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A challenger wants to debate about the number of debates in a U.S. Senate campaign.
Democratic challenger Jim Slattery said Monday that Republican Sen. Pat Roberts needed to agree to four more debates - one in each congressional district.
Roberts, who is seeking his third term, announced in July that he would appear at a televised debate Sept. 6 at the Kansas State Fair in Hutchinson. Other debates are set for Oct. 14 in Wichita and Oct. 15 in Overland Park.
But Slattery appeared outside Roberts' Wichita district office Monday pitching four televised debates about issues in Dodge City, Topeka, Kansas City, Kan., and Wichita.
"It's time Roberts stepped out from behind his slick television advertisements and engaged in real and thoughtful debates about the issues important to Kansans and the future of our country," Slattery said.
Slattery said Roberts has only agreed to one debate - at the state fair - that will be televised and open to the public.
The Roberts campaign said he has agreed to the same number of debates as in the presidential campaign and that the planned debates will get extensive media and public attention.
"It's odd that a candidate who refused to debate his primary opponent even once would now say three debates are not enough. Senator Roberts looks forward to discussing the issues affecting Kansans," said Molly Haase, a Roberts campaign spokeswoman.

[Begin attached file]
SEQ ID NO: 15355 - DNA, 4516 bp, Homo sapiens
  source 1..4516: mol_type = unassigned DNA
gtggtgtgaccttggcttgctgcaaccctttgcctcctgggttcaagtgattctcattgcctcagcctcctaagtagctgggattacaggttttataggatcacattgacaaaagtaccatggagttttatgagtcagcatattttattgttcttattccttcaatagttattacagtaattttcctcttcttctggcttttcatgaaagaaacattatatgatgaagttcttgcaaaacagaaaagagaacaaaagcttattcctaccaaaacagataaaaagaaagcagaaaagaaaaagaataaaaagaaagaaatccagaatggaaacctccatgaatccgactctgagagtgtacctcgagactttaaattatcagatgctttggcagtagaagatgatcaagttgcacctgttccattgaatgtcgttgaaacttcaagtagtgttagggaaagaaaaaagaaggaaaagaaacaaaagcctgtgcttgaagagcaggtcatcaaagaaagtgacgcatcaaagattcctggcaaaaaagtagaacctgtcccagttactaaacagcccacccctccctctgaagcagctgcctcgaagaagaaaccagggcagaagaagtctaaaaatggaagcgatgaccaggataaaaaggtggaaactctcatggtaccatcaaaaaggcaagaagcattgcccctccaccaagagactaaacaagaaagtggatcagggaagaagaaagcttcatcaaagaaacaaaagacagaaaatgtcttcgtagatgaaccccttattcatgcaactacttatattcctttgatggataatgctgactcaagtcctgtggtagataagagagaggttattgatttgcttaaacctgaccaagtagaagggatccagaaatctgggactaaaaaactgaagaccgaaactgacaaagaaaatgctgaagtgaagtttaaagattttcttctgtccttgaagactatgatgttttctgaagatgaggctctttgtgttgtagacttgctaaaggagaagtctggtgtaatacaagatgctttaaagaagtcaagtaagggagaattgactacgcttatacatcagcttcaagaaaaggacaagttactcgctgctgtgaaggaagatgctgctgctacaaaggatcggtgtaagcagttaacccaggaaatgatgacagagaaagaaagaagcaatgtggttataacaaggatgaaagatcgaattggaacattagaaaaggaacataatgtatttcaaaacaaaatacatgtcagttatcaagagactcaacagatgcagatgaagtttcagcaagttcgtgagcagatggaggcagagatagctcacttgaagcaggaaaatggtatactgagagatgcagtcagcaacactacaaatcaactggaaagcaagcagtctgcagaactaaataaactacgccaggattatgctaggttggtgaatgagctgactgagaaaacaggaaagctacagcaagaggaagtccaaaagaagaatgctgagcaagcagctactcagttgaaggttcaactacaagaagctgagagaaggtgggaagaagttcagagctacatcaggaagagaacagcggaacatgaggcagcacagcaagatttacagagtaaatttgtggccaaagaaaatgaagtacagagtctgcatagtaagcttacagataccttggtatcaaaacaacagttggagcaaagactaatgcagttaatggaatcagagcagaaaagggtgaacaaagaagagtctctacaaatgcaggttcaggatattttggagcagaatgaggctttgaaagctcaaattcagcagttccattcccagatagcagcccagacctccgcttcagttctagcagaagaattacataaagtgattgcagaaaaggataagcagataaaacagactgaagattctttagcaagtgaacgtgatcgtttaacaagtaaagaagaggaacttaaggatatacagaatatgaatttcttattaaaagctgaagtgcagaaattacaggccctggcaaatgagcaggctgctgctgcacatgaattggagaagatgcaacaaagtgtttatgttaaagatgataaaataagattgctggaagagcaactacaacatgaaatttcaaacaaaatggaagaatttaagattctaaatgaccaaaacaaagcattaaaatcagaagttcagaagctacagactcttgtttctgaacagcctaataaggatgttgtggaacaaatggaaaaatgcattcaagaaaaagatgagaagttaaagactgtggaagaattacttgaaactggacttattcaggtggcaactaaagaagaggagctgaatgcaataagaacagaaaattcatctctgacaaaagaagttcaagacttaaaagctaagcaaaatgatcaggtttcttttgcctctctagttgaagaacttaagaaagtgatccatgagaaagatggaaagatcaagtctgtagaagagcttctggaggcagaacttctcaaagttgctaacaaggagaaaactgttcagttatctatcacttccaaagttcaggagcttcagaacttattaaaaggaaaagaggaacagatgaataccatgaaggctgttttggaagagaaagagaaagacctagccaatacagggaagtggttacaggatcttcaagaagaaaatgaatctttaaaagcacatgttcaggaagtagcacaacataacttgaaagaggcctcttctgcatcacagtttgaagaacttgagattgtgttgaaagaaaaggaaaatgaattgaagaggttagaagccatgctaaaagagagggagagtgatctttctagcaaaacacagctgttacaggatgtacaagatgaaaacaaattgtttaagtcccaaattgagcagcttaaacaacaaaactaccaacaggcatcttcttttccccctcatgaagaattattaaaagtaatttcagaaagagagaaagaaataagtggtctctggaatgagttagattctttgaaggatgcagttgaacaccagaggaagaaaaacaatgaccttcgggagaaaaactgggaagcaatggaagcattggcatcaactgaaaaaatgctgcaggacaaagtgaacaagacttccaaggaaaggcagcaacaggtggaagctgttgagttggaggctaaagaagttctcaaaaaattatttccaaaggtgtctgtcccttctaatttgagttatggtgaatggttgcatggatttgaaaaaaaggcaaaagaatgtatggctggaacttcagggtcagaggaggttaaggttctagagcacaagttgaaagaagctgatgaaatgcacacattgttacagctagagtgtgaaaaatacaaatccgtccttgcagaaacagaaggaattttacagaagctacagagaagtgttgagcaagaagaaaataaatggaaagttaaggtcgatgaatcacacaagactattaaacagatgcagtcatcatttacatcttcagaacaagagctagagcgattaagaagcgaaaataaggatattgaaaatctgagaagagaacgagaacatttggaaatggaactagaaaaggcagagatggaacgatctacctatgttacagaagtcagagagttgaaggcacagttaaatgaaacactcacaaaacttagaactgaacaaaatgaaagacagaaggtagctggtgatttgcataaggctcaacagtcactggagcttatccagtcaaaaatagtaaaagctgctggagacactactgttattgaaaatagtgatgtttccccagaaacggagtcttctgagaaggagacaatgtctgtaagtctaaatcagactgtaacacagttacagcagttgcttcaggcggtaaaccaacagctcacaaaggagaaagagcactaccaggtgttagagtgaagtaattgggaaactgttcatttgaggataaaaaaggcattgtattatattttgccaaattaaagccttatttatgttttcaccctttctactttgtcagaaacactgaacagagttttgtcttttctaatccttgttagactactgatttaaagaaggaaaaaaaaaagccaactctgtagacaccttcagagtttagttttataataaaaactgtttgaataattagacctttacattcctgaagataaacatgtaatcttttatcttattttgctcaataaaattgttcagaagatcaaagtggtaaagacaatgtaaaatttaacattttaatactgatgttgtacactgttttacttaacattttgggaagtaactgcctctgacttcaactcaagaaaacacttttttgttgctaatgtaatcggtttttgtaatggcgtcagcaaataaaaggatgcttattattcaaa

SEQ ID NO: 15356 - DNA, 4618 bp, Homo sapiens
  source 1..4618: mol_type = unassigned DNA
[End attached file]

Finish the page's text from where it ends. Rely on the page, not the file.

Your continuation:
Meanwhile, two campaigns for a U.S. House seat appear close on agreeing to at least four debates.
Voters in eastern Kansas will get plenty of chances to compare 2nd District incumbent Rep. Nancy Boyda and her challenger, Lynn Jenkins, the state treasurer.
Boyda, a Democrat, has proposed four town-hall-style debates in September and October.
Jenkins, a Republican, has proposed five debates beginning Sept. 27 with the AARP Candidate Debate in Pittsburg. Other proposed debates are in Leavenworth, Manhattan and two in Topeka, including one in the capital city hosted by KTKA 49 ABC News and the Journal-World.
The two campaigns continue to hammer out details. The district includes western Lawrence, western Douglas County and most of eastern Kansas, including Manhattan, Topeka and Pittsburg.